Managers who could fall asleep in the dugout without fear of being fired:
2. Davey Johnson, Orioles: Manager with the highest winning percentage among active managers comes home again, and the players love him. If the O's struggle, the blame will fall on the players, and not on Johnson. Phil Regan would be jealous.
4. Tom Lasorda, Dodgers: Owner Peter O'Malley believes the organization owes Lasorda a lot for his long service to the club. Should the Dodgers play below expectations, Lasorda still would finish the year before being replaced.
Five clauses Albert Belle may ask for during his negotiations for a long-term deal:
1. No media allowed at ballgames: Pesty writers and broadcasters always seem to get in the way when he's walking into the dugout before World Series games.
2. Bud Selig displaced as acting commissioner: Come to think of it, Belle might have a lot of folks around baseball agreeing with him on this one.
3. MVP balloting restricted to members of his immediate family: This way, he would be sure to beat out Mo Vaughn this year.
4. Corked bats allowed: The reason former Indians pitcher Jason Grimsley replaced Belle's corked bat with one that belonged to Paul Sorrento a couple of years ago was that Belle didn't have a single bat that wasn't corked.
5. Halloween banned: Dumb prankster kids always seem to get in the way when Belle is driving his truck across his lawn on Halloween.
Players you wouldn't want to fight:
1. Kevin Gross, Rangers: Martial arts expert.
2. Kevin Mitchell, Red Sox: If he catches you, forget it.
3. Alan Mills, Orioles: Dresses up on Sundays, perhaps to repent for all those things he did in the Seattle fight.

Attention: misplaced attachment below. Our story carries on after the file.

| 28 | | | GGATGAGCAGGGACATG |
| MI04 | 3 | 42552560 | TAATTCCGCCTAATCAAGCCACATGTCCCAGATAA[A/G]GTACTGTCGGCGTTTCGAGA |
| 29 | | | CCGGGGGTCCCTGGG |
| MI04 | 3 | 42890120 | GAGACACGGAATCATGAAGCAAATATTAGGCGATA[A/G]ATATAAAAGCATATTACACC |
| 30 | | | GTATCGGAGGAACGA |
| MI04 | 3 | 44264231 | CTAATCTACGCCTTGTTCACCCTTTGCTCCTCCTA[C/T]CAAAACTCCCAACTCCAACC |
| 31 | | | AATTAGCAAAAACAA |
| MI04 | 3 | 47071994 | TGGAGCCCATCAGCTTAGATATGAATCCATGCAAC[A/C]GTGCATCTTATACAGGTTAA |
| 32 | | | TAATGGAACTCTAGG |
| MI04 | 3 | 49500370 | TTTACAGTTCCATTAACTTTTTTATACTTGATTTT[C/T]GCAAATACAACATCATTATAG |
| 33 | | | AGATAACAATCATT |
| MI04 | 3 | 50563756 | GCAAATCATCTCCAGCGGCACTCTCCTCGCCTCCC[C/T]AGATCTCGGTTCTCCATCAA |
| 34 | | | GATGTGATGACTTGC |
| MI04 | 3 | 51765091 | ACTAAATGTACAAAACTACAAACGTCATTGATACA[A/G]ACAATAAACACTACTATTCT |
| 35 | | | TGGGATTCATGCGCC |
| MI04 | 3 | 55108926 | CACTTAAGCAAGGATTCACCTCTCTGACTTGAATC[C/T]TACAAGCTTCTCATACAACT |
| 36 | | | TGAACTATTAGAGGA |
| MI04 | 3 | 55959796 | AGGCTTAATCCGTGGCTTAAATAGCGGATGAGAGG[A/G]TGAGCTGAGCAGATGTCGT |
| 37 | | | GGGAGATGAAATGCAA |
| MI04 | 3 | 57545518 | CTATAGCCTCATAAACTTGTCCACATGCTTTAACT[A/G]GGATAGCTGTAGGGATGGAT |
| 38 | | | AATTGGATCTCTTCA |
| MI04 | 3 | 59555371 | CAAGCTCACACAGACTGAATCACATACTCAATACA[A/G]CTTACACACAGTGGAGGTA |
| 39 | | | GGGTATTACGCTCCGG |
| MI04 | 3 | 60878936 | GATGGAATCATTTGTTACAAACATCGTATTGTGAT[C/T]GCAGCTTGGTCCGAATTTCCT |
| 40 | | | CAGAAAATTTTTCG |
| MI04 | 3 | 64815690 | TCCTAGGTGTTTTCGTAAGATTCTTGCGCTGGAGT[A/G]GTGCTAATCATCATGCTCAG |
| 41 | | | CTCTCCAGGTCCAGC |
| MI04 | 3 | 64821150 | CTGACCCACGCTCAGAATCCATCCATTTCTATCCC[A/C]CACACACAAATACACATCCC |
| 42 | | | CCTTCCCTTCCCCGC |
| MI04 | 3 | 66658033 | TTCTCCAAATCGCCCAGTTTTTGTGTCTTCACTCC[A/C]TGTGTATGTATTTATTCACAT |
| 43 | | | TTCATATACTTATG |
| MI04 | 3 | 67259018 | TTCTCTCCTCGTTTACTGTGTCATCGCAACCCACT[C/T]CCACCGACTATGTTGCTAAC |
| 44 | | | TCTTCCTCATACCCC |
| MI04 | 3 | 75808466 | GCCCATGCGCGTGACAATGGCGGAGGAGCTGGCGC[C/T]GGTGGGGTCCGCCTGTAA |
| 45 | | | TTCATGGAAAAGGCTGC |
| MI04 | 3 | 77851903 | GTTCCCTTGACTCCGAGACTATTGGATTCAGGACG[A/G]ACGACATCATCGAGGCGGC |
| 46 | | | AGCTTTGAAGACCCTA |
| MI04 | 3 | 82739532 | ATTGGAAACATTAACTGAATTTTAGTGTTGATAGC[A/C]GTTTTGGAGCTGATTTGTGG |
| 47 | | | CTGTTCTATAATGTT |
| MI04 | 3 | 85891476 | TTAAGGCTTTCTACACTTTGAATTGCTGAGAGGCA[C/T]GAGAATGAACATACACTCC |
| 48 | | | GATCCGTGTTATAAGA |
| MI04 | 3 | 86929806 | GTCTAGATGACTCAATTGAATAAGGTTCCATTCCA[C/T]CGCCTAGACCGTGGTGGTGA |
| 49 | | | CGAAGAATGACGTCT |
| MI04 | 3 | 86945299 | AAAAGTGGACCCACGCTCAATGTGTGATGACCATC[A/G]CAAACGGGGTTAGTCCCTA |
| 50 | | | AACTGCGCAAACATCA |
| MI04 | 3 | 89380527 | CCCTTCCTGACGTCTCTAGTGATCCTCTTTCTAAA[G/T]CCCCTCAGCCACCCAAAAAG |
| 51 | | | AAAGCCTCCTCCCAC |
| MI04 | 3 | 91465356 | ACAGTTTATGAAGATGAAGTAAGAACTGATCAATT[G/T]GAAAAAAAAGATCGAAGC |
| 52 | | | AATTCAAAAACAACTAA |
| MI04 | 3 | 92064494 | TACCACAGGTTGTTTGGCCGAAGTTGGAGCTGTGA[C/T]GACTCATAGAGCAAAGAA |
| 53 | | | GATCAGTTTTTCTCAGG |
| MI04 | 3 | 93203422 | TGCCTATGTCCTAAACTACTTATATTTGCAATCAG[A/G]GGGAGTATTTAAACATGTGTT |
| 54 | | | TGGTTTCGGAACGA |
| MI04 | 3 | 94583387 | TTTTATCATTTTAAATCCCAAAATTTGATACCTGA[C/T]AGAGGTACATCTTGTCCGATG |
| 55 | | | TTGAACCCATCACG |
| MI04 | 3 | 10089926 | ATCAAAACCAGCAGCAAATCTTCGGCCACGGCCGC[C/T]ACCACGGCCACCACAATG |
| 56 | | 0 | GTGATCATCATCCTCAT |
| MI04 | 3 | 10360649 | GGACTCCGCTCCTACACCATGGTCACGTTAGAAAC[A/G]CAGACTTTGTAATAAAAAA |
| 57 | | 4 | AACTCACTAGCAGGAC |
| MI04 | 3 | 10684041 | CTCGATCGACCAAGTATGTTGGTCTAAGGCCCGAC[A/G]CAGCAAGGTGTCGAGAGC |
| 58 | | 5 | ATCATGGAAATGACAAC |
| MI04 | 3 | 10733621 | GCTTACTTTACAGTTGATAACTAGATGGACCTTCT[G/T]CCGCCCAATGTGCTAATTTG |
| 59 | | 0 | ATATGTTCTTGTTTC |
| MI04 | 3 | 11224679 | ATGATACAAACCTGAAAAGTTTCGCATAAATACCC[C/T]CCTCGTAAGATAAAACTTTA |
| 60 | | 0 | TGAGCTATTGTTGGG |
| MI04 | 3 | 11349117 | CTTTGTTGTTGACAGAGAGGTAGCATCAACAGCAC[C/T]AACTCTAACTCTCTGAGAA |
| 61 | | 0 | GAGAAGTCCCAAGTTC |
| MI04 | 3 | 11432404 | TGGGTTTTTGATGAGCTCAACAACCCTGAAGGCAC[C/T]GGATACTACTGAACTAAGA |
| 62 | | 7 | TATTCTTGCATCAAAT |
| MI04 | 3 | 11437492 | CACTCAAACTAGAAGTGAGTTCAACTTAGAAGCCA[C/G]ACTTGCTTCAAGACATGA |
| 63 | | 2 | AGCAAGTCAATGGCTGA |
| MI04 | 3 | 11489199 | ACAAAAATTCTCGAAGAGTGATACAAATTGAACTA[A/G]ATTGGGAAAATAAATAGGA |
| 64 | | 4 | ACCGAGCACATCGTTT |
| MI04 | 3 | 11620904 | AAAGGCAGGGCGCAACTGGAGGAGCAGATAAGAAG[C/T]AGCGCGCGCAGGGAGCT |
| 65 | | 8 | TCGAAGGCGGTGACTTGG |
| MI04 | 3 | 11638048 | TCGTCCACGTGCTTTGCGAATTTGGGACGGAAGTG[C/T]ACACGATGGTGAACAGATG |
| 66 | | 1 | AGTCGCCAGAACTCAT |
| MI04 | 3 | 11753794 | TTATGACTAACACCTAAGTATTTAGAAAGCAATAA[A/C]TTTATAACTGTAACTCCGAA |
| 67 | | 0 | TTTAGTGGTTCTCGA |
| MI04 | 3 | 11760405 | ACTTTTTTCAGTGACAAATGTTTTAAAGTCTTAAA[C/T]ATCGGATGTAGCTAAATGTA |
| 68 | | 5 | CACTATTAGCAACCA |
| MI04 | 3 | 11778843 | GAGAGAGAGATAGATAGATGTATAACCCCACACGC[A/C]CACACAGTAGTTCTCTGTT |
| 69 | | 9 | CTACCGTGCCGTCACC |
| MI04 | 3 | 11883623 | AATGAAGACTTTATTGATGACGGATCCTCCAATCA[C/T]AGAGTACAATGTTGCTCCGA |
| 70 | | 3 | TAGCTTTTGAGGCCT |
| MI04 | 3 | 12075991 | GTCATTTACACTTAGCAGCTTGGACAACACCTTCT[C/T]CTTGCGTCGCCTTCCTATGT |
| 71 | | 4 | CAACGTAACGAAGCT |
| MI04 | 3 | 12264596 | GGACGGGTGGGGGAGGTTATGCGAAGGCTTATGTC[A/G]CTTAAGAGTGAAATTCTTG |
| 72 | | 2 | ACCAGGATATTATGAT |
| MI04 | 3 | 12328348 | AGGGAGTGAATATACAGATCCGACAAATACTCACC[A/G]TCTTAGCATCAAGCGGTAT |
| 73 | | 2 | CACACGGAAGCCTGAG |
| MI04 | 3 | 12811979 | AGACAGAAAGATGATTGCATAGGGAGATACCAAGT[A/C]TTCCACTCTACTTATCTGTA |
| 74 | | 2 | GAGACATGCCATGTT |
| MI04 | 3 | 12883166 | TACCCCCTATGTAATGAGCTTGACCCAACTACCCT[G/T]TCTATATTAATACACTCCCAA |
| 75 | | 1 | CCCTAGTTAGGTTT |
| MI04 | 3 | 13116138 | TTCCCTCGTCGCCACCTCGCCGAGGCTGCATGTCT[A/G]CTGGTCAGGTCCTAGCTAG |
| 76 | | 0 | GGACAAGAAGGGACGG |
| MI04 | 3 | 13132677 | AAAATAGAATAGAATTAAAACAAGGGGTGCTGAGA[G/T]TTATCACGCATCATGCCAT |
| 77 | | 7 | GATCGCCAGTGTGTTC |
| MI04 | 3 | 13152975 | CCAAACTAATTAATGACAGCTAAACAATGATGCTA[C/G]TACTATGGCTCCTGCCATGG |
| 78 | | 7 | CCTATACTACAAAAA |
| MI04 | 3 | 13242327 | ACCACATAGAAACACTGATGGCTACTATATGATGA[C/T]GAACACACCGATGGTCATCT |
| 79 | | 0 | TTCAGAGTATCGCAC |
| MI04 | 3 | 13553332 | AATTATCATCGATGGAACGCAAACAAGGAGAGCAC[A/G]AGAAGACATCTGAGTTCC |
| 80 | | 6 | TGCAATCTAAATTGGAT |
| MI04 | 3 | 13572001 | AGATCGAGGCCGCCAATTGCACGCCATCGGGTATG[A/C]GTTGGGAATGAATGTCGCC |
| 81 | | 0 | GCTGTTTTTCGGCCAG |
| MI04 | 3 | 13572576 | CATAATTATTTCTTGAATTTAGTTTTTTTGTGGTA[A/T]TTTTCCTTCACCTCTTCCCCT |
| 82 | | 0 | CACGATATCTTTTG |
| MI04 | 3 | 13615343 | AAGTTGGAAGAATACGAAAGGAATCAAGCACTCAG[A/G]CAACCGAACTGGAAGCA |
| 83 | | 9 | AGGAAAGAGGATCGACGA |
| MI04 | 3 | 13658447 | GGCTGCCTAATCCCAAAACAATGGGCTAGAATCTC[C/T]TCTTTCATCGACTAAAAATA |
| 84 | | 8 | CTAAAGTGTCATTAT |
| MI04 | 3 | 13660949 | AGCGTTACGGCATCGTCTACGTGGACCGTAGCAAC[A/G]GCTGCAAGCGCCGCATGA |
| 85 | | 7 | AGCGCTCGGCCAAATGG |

4. Randy Johnson, Mariners: You might get your licks in during a brawl, but in the end, he would be on the mound holding the ball and you would be at the plate ducking. Just ask Jim Leyritz.
5. Albert Belle, Indians: His temper is, shall we say, unique.
6. Dave Nilsson, Brewers: Native of Australia, he's Crocodile Dundee with a bat in his hands.
7. Brian Jordan, Cardinals: Former NFL defensive back capable of clotheslining any pitcher.
8. Mickey Tettleton, Rangers: Clark Kent. Mild-mannered. Get him angry and he'd break you in half.
9. Randy Myers, Orioles: If the going gets tough, he'll pull out a stun gun or grenade or something. Career record of 1-0 against renegade fans.
10. Keith Shepherd, Orioles: His nickname: "The Apache." Circle the wagons.
1. John Valentin, Red Sox: Coming off a great season, he should be an All-Star this year.
2. Barry Bonds, Giants: There is so much said and written about what a jerk he can be, much of it true. Nonetheless, he is an exceptional player whose abilities and willingness to play hurt aren't always illuminated.
3. Sammy Sosa, Cubs: Statistics lovers can tell you he's capable of hitting 30 homers and stealing 30 bases. What goes unnoticed is his unabashed enthusiasm.
4. Bob Wickman, Yankees: Hard to get any attention with everything else that goes on in this clubhouse. Two years ago, he led the AL in appearances, and, last season, he pitched in 63 games, two behind league leader Jesse Orosco.